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Chris Connelly and Monica Queen: The Birthday Poems – album review

Chris Connelly and Monica Queen: The Birthday Poems Jnana Records CD/DL/Stream Release date: 15th June What do you get when you take two Scottish musicians, one, a legend of the industrial scene and the other, a chanteuse who is literally the Queen of the independent Scottish music scene, then add a tale relating the stories […]

The post Chris Connelly and Monica Queen: The Birthday Poems – album review appeared first on Louder Than War.



The Birthday Poems album coverChris Connelly and Monica Queen: The Birthday Poems

Jnana Records


Release date: 15th June

What do you get when you take two Scottish musicians, one, a legend of the industrial scene and the other, a chanteuse who is literally the Queen of the independent Scottish music scene, then add a tale relating the stories of three complex characters who are part of the recent history of the Scottish arts scene? The answer is the stunning alternative folk masterpiece that is The Birthday Poems.

Monica Wueen and Chris Connelly

This is more than just a musical collaboration between the founder of Finitribe and member of the likes of Ministry, The Revolting Cocks & Pigface, and the lush vocal cords of Thrum and Tenement & Temple front woman who has already appeared on one of this years top albums in Gracious Losers Six Road Ends. This is a labour of love. It is passionate telling of the little known and ultimately tragic backstory from recent history, of Orcadian poet George Mackay Brown, his love and muse, Stella Cartwright and their friend, Stanley Roger Green.

The Scottish Poets Club

The songs on the album track the relationship between the three and the rest of the Scottish poets “club” who congregated in the Abbotsford Bar in Rose Street, Edinburgh. Connelly and Queen lend their voices to the key protagonists, recounting the highs and lows of the friendship and the lives of the individuals involved.

The overall atmosphere, and that for each of the 19 perfectly formed vignettes, created by all involved in making this beautiful art work (it doesn’t seem right just to call it an album) absolutely sets the scene for each part of the story. From the upbeat and intoxicating, to the sparse and sombre.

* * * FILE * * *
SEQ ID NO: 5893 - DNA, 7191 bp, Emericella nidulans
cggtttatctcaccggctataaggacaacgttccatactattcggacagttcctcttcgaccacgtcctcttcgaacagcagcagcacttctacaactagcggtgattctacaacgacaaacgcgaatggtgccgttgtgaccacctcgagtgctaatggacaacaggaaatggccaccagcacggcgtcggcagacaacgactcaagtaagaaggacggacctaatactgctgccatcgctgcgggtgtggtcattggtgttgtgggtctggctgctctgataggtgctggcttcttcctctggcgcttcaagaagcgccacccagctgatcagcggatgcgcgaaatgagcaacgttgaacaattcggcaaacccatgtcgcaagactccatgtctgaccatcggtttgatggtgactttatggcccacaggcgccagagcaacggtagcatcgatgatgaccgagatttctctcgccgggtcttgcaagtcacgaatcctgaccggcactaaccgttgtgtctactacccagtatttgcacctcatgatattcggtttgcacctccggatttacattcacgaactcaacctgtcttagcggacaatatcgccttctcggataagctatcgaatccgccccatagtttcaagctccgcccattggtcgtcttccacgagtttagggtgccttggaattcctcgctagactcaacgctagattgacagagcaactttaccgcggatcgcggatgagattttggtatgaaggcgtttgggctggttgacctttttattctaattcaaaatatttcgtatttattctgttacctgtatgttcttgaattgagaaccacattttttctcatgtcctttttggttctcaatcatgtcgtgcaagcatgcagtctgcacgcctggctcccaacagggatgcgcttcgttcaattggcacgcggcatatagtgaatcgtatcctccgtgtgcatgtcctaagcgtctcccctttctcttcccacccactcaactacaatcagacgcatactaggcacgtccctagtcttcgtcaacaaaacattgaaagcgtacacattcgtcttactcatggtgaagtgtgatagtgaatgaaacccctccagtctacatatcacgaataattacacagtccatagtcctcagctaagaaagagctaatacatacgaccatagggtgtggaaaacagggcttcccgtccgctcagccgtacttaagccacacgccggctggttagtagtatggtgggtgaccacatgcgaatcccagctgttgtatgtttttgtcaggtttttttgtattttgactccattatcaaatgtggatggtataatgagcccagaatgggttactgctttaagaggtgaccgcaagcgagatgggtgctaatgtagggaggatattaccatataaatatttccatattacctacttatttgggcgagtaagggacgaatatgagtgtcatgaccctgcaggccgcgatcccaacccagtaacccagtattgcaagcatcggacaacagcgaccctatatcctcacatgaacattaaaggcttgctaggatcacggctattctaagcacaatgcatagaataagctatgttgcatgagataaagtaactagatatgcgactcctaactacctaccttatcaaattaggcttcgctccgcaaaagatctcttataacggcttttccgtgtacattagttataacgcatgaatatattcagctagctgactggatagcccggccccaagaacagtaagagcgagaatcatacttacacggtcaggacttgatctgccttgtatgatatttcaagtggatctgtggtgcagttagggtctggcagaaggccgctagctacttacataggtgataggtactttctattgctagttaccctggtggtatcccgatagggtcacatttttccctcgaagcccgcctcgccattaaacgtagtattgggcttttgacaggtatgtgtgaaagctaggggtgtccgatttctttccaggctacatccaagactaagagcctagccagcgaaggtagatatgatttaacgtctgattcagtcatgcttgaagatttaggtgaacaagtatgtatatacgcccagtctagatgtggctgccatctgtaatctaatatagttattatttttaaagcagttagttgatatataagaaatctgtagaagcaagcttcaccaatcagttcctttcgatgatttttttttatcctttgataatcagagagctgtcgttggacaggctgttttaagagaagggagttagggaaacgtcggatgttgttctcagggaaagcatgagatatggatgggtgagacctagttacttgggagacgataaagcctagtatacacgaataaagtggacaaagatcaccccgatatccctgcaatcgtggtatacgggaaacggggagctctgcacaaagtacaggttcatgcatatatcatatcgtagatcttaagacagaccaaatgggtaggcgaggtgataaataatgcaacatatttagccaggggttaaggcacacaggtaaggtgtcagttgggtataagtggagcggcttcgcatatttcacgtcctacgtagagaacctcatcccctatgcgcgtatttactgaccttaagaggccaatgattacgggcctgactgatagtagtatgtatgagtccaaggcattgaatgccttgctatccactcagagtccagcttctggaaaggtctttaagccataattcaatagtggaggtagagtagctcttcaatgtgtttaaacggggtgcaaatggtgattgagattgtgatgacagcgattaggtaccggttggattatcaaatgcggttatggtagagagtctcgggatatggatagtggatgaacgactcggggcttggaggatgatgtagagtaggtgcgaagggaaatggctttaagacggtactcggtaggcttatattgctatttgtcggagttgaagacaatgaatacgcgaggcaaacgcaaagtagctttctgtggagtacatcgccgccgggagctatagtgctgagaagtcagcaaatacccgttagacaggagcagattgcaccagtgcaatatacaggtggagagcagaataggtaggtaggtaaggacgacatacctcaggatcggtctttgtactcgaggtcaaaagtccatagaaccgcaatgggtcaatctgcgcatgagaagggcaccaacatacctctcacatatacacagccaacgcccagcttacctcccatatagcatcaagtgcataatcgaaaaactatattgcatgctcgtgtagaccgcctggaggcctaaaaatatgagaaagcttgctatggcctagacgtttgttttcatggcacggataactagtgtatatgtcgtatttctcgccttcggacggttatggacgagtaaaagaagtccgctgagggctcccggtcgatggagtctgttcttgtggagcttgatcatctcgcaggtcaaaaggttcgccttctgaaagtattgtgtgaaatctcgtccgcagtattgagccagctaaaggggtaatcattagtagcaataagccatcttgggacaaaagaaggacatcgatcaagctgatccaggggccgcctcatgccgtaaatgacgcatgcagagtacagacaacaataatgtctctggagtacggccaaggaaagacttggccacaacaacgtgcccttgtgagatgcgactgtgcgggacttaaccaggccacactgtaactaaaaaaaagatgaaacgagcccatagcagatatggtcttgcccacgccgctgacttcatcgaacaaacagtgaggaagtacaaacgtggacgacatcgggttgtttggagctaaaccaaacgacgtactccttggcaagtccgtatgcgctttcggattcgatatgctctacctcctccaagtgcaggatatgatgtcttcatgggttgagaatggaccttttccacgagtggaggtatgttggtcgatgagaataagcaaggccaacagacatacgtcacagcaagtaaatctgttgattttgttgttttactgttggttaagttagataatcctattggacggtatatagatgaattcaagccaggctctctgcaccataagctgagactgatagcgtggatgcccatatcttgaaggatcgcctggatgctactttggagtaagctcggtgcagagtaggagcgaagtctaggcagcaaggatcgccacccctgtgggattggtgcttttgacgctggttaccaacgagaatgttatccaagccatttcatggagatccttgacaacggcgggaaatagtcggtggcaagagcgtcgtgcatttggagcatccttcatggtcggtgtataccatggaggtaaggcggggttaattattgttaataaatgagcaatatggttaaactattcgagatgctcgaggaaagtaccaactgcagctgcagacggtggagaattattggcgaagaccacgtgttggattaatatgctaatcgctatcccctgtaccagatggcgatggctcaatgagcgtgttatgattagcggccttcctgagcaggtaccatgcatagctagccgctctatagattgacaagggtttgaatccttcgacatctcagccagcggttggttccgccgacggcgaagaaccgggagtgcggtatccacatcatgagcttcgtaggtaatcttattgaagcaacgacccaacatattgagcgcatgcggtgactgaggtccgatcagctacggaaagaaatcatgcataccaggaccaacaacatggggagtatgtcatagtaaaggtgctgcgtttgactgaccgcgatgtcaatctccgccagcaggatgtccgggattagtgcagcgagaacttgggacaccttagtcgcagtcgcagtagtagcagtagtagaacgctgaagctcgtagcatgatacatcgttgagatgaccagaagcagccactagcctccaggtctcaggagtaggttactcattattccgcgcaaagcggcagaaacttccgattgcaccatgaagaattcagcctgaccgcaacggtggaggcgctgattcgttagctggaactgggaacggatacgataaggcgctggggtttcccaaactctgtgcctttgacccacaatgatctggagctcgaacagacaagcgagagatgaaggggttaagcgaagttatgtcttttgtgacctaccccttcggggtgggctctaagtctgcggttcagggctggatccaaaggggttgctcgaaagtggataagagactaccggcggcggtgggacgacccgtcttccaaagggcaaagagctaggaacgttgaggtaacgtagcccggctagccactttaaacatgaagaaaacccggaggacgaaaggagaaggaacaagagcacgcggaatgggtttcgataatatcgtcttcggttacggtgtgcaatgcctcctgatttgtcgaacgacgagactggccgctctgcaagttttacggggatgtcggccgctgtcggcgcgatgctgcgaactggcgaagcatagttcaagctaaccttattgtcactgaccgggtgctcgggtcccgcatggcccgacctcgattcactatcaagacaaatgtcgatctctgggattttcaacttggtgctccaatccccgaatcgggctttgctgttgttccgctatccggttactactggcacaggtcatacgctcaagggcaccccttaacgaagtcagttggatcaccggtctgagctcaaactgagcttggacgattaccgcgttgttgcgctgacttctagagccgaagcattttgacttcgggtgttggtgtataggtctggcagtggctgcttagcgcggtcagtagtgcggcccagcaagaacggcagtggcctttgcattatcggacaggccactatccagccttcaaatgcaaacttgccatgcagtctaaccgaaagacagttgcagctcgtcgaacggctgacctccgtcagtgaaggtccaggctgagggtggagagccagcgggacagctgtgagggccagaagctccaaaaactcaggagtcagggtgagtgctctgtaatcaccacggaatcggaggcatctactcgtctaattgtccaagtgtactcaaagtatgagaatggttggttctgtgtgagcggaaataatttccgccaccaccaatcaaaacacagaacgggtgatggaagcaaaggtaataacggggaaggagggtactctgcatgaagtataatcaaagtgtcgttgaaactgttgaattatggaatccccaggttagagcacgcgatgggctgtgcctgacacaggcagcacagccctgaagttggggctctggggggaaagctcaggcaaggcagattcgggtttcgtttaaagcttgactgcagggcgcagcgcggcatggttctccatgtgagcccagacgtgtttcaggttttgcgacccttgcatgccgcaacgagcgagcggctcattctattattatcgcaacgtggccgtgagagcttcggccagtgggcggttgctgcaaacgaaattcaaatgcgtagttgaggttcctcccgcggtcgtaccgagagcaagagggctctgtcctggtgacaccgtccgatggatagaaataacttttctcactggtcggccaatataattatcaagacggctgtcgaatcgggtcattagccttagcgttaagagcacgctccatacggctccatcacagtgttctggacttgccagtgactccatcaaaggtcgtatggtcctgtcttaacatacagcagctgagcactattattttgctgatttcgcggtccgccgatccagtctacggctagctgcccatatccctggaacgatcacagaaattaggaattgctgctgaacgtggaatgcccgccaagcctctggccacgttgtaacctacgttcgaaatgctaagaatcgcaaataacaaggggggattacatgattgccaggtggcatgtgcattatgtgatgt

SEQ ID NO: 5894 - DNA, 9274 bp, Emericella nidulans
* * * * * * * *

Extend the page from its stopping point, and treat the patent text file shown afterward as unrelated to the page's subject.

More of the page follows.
Chris Connelly and Monica Queen

Not only is this a phenomenal musical piece, it has drawn me in to a piece of Scottish history which I was blissfully unaware of. I knew of the poetry of Mackay Brown, but other than that, the story behind the talented poet and author from Orkney was new to me, including that of his muse, the ultimately tragic figure of Stella.

My Father Took Me Everywhere

The album opens with Stella (Monica Queen) recounting how she came to meet the poets, My Father Took Me Everywhere. From a young age, she frequented all the places her father went, including the pubs and bars of Rose Street. Did this close relationship, with exposure to the drinking dens of Rose Street at such an early age, influence her lifestyle, leading to her untimely death after a lifetime’s relationship with the demon drink? It is easy to understand from listening to this song just why Monica Queen is so sought after across the music scene. Her honeyed vocals lend a sympathetic and utterly alluring voice to Stella.

Before we “meet” George MacKay Brown we have the introduction of Stanley Roger Green (Chris Connelly) in the form of Stella, Stan and Dostoevsky. I’ll sneakily add Bowie to that list. I know it’s been said on many occasions before, but particularly on this song Connelly seems to be channeling his internal Thin White Duke in his tone and delivery. Musically the song has a Bowie feel too with a harsh dissonant sax filtered throughout.

The song named after the party that started it all, A Minor Hoolie (a phrase coined by Cartwright), lives up to its name. Acoustic guitars and handclaps form the basis for this upbeat song based on the fateful gathering where the three first met. Green standing in awe of the gathered talent including George Mackay Brown.

Spoken Word

Perhaps the most affecting songs on the album are the spoken word performances. The first of those are Cigarettes at Dawn (Stella) and the minimalistic arrangement of What Strangeness of Light and Dark (Chris). The former comes across like a lost tape of the real Stella, complete with intentional atmospheric hiss. The latter an ode to regret and sorrow in leaving his home to come to Edinburgh and the pain and misery it was causing. The scratchy strings morphing into a delicately played melancholic outro.

These two songs bookend a song of defiance and a song of celebration.